When asked for their solution to the mess in Iraq,
both of America's presidential candidates – Tweedledumb and Tweedlephony – advance
the same line: "train more Iraqi security forces." Once enough Iraqis
have been trained, they suggest, American troops can be withdrawn and our puppet
Iraqi government can stand on its own six legs.
Unfortunately, the problem is not training, but loyalty. All the training in
the world is worthless if the people being trained have no reason to fight for
those who are training them. And a paycheck isn't much of a reason, especially
when the fellow Iraqis they are to battle are fighting for God.
As is so often the case in Fourth
Generation war, the most useful way to look at the situation is through
the prism of John Boyd's three levels of war: the physical, the mental and the
moral. On the physical level, American-trained Iraqi security forces may have
advantages over their Fourth Generation opponents. American training in techniques
is often very good. While we are not giving the Iraqis equipment as good as
our own (a big mistake on the moral level), it may be better than that of their
enemies. With salaries of about $200 per month, our mercenaries are among the
best paid men in Iraq.
Unfortunately for us, as soon as we consider the mental and moral levels, which
Boyd argued are more powerful than the physical level, the advantage shifts.
At the mental level, the Fourth Generation elements have already gotten inside
the heads of Iraqi police and National Guardsmen. How? By killing them in large
numbers. More than 700 have died in the past year, with many more wounded. A
story on four recruits for the Iraqi police in the Sept. 27 Washington
Post quotes one of them as saying, "We're walking dead men."
That fear opens the door to the sort of deal that typifies Arab countries:
the police and Guardsmen collect their paychecks, but look the other way when
the resistance is up to something. In some cases, the deal can go further and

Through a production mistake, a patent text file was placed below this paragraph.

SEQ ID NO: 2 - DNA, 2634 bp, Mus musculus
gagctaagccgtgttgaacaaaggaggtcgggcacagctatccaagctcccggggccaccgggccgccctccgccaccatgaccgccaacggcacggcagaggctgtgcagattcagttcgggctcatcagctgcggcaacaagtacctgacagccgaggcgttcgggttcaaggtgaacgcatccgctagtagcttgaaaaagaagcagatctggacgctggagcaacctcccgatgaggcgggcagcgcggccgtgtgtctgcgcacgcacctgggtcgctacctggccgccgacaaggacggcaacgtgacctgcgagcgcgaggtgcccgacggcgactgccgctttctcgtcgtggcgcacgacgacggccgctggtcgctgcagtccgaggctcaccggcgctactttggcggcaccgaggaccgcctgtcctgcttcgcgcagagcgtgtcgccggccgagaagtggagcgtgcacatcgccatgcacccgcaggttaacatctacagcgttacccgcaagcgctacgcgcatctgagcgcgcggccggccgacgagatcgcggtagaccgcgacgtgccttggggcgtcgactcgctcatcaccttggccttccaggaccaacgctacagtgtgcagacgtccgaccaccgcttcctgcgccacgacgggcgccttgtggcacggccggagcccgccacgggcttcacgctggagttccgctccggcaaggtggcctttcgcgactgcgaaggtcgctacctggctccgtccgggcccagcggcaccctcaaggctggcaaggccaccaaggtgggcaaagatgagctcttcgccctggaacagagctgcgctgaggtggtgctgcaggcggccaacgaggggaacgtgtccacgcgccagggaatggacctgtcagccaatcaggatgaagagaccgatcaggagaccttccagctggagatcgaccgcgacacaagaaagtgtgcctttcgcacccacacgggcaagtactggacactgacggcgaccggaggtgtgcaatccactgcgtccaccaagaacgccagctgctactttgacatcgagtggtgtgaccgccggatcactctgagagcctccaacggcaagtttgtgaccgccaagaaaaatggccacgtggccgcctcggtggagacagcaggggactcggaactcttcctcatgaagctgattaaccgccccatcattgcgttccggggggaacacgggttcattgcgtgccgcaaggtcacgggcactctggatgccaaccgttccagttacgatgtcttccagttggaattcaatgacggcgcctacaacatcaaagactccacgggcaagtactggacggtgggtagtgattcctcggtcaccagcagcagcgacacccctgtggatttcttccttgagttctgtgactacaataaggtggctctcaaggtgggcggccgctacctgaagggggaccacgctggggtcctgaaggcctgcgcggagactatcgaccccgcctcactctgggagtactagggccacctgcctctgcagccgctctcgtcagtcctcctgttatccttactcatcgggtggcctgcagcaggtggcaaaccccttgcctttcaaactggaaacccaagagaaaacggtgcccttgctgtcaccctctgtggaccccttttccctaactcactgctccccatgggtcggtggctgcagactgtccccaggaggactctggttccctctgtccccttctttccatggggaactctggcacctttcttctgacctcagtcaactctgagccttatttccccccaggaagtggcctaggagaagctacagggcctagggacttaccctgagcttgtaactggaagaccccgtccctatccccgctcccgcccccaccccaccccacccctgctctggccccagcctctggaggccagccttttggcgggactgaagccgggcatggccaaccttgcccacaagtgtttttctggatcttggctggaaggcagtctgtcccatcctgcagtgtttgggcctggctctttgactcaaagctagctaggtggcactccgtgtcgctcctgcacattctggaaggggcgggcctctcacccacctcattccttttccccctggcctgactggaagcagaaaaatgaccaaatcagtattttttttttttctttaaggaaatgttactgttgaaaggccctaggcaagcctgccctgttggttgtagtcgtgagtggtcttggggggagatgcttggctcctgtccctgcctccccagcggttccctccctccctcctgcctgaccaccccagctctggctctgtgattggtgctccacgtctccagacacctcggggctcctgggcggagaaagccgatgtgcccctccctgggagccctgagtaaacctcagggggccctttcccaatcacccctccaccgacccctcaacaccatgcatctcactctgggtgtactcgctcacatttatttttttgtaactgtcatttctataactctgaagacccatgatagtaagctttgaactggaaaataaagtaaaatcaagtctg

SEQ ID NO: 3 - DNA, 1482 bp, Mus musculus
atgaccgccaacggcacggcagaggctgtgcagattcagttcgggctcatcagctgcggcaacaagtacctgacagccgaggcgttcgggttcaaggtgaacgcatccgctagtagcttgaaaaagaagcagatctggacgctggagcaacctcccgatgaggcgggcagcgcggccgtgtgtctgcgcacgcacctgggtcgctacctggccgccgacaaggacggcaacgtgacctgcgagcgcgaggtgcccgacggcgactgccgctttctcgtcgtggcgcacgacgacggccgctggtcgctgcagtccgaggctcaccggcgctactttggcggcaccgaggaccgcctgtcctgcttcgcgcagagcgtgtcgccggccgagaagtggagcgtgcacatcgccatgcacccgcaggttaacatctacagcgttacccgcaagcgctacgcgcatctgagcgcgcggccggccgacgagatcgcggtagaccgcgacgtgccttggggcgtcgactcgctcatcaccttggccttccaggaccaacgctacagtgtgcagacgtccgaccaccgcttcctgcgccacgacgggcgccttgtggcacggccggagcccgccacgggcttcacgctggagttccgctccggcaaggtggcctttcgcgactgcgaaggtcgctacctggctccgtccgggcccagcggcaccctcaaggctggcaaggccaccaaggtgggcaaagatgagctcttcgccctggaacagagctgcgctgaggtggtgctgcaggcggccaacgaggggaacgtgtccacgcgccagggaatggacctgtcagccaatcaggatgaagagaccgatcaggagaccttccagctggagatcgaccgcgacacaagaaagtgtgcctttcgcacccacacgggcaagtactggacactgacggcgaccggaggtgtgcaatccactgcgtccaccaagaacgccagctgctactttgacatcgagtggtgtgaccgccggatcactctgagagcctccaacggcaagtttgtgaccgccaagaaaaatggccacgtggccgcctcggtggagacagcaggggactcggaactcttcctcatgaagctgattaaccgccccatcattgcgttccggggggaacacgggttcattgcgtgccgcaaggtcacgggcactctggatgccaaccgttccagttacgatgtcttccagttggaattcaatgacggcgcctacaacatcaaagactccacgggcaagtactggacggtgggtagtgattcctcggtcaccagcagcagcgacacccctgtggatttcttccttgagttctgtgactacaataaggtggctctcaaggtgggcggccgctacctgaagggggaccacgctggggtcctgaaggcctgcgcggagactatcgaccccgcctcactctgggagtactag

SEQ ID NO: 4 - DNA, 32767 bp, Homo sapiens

create double agents, men inside the security forces who actually work for one
or more of the resistance organizations. The same day's Post announced
the arrest of a "senior commander of the Iraqi National Guard"
for, as the U.S. military put it, "having associations with known terrorists,
for alleged ties to insurgents." I suspect that if we arrested all the
Iraqi Guardsmen who fit that description, Abu Ghraib would again fill to overflowing.
At the moral level, the position of the Iraqi police and Guardsmen is almost
hopeless. They are being paid to fight their own countrymen and fellow Mohammedans
on behalf of an occupying foreign power that is also (nominally) Christian.
The fig leaf of Mr. Allawi's "government" deceives no one, especially
after last week's pictures of Allawi holding hands with George Bush, the Islamic
Is it any wonder that, all their training notwithstanding, when it comes to
fighting alongside American forces the Iraqis usually change sides or go home?
The American authorities in Iraq argue that thousands more Iraqis volunteer
to serve in the security forces than we can train or equip. That is true, but
the motive is not one that leads to much willingness to fight. As one of the
Iraqi police recruits interviewed by the Post said, "Everyone wants
jobs, and there really are no jobs but the police."
Throughout history, armies of hirelings have melted at a touch when faced with
people fighting for something they believe in. All the training in the world
will make no difference. The core problem is the deepest taproot of Fourth Generation
war: the "state" Iraqi security forces are being told to fight for
has no legitimacy. When Bush and Kerry argue that we can avoid defeat in Iraq
by training more Iraqis to do the fighting for us, they are indulging in a grand